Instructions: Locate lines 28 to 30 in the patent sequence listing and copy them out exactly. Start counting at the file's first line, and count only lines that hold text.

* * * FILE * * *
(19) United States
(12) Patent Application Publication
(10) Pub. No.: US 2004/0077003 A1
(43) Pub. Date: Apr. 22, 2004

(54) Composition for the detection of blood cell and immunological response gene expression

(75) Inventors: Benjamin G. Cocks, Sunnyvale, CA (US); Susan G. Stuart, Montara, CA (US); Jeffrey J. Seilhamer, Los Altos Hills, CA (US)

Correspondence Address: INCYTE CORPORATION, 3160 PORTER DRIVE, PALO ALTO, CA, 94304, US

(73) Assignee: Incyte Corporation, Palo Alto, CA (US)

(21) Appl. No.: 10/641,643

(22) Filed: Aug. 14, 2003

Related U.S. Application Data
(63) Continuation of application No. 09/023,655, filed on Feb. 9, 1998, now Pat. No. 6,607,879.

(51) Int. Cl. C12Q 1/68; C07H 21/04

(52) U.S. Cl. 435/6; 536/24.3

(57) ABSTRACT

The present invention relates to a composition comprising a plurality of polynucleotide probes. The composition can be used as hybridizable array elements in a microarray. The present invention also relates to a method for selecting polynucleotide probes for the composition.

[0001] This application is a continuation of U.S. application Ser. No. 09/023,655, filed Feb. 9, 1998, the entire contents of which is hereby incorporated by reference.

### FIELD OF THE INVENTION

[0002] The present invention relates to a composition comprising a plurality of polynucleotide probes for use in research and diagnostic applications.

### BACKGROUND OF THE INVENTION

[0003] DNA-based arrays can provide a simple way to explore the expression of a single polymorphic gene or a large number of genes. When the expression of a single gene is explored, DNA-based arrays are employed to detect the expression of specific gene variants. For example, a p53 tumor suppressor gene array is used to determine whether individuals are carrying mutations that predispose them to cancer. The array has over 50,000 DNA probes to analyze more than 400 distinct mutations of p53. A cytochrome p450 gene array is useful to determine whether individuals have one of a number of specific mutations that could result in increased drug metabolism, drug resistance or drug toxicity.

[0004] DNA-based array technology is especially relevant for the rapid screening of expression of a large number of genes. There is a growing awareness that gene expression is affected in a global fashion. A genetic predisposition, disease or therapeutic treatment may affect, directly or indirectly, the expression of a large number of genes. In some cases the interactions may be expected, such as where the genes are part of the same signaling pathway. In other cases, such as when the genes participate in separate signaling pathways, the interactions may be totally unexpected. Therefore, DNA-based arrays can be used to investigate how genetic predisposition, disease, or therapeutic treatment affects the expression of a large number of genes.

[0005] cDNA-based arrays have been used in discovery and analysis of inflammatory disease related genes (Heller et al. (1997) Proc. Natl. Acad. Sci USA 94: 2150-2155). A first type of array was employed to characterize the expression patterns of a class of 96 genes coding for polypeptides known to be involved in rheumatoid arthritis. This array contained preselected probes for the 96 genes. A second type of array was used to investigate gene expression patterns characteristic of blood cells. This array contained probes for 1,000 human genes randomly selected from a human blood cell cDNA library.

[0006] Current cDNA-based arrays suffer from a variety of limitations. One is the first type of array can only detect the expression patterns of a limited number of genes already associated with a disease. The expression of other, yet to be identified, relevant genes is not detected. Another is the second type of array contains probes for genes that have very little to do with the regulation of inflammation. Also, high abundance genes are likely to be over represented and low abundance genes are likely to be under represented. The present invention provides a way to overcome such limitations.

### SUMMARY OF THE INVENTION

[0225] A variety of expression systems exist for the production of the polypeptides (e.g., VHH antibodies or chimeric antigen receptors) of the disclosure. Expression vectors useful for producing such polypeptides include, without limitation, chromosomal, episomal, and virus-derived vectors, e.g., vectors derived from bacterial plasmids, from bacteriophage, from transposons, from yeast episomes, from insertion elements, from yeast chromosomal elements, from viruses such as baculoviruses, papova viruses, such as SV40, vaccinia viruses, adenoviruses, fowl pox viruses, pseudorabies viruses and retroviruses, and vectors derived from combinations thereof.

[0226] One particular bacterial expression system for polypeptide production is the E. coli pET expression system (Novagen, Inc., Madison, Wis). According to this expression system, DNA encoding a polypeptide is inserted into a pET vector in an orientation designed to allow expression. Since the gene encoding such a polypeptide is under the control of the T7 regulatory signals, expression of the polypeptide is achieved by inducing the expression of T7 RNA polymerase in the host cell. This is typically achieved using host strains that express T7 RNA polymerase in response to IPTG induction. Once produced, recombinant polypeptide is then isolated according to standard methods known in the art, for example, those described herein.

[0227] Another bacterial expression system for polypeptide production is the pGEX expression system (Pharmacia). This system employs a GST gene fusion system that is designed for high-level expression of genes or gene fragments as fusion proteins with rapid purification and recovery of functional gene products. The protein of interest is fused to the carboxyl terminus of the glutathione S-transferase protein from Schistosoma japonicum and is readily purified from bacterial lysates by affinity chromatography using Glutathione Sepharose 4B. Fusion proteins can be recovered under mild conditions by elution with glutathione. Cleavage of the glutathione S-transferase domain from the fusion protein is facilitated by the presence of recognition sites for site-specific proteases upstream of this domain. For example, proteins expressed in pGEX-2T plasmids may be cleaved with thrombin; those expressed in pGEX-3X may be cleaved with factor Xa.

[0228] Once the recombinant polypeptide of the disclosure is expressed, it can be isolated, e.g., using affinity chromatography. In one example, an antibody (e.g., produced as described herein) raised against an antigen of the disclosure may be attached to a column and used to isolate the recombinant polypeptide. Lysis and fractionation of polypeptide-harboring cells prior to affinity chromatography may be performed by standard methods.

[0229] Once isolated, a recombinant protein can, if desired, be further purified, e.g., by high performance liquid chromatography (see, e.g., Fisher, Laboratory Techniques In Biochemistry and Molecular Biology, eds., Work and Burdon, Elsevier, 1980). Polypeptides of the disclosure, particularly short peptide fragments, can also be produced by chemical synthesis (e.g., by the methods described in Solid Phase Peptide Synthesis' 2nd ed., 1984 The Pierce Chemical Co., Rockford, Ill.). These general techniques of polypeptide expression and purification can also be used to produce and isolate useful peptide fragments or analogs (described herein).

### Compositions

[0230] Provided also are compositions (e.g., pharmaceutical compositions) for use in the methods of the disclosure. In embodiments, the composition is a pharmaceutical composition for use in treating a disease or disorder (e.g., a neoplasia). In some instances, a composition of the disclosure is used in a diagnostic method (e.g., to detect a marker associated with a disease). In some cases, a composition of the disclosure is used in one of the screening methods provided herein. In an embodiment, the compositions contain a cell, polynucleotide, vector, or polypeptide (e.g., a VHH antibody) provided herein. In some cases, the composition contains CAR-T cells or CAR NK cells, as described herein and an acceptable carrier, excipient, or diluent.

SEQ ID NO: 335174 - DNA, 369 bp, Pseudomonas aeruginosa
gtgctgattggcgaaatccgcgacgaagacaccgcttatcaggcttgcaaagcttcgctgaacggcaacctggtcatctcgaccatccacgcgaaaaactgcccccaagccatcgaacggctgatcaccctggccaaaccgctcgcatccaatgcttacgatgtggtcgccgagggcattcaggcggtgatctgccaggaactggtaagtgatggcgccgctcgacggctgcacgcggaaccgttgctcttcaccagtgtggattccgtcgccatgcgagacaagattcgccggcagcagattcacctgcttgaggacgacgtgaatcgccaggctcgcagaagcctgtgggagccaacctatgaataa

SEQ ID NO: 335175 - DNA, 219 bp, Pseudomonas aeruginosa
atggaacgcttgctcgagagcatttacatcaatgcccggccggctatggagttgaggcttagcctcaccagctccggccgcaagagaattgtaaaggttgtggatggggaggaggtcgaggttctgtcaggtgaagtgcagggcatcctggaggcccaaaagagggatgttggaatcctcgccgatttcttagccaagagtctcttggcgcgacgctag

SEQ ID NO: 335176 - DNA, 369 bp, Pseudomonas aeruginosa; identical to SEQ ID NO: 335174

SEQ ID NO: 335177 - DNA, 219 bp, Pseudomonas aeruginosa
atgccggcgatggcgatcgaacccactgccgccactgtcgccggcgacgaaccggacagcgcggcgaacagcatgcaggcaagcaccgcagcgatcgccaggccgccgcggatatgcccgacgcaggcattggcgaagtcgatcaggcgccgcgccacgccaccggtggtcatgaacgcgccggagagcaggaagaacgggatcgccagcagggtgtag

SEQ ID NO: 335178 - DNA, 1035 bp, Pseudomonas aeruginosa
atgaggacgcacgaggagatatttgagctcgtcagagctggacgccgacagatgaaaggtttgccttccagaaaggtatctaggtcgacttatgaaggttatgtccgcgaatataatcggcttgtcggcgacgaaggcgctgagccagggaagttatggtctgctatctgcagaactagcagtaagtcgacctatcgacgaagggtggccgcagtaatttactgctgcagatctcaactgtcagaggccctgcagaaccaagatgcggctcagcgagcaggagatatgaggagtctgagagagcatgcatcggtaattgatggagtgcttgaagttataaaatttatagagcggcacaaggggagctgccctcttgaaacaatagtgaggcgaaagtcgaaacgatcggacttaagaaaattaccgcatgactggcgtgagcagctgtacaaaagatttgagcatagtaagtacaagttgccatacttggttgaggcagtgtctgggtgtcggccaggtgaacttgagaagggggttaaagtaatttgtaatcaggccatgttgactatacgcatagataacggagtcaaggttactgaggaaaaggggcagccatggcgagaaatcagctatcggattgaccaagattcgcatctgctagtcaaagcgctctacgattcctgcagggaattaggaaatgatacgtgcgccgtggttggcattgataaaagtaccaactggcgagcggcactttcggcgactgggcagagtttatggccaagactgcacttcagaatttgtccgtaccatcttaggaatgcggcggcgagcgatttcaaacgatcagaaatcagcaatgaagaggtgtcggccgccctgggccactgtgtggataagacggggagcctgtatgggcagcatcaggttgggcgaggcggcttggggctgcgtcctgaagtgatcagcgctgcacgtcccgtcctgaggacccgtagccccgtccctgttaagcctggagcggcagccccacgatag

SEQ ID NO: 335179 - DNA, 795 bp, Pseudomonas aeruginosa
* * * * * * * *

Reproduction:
[0227] Another bacterial expression system for polypeptide production is the pGEX expression system (Pharmacia). This system employs a GST gene fusion system that is designed for high-level expression of genes or gene fragments as fusion proteins with rapid purification and recovery of functional gene products. The protein of interest is fused to the carboxyl terminus of the glutathione S-transferase protein from Schistosoma japonicum and is readily purified from bacterial lysates by affinity chromatography using Glutathione Sepharose 4B. Fusion proteins can be recovered under mild conditions by elution with glutathione. Cleavage of the glutathione S-transferase domain from the fusion protein is facilitated by the presence of recognition sites for site-specific proteases upstream of this domain. For example, proteins expressed in pGEX-2T plasmids may be cleaved with thrombin; those expressed in pGEX-3X may be cleaved with factor Xa.

[0228] Once the recombinant polypeptide of the disclosure is expressed, it can be isolated, e.g., using affinity chromatography. In one example, an antibody (e.g., produced as described herein) raised against an antigen of the disclosure may be attached to a column and used to isolate the recombinant polypeptide. Lysis and fractionation of polypeptide-harboring cells prior to affinity chromatography may be performed by standard methods.

[0229] Once isolated, a recombinant protein can, if desired, be further purified, e.g., by high performance liquid chromatography (see, e.g., Fisher, Laboratory Techniques In Biochemistry and Molecular Biology, eds., Work and Burdon, Elsevier, 1980). Polypeptides of the disclosure, particularly short peptide fragments, can also be produced by chemical synthesis (e.g., by the methods described in Solid Phase Peptide Synthesis' 2nd ed., 1984 The Pierce Chemical Co., Rockford, Ill.). These general techniques of polypeptide expression and purification can also be used to produce and isolate useful peptide fragments or analogs (described herein).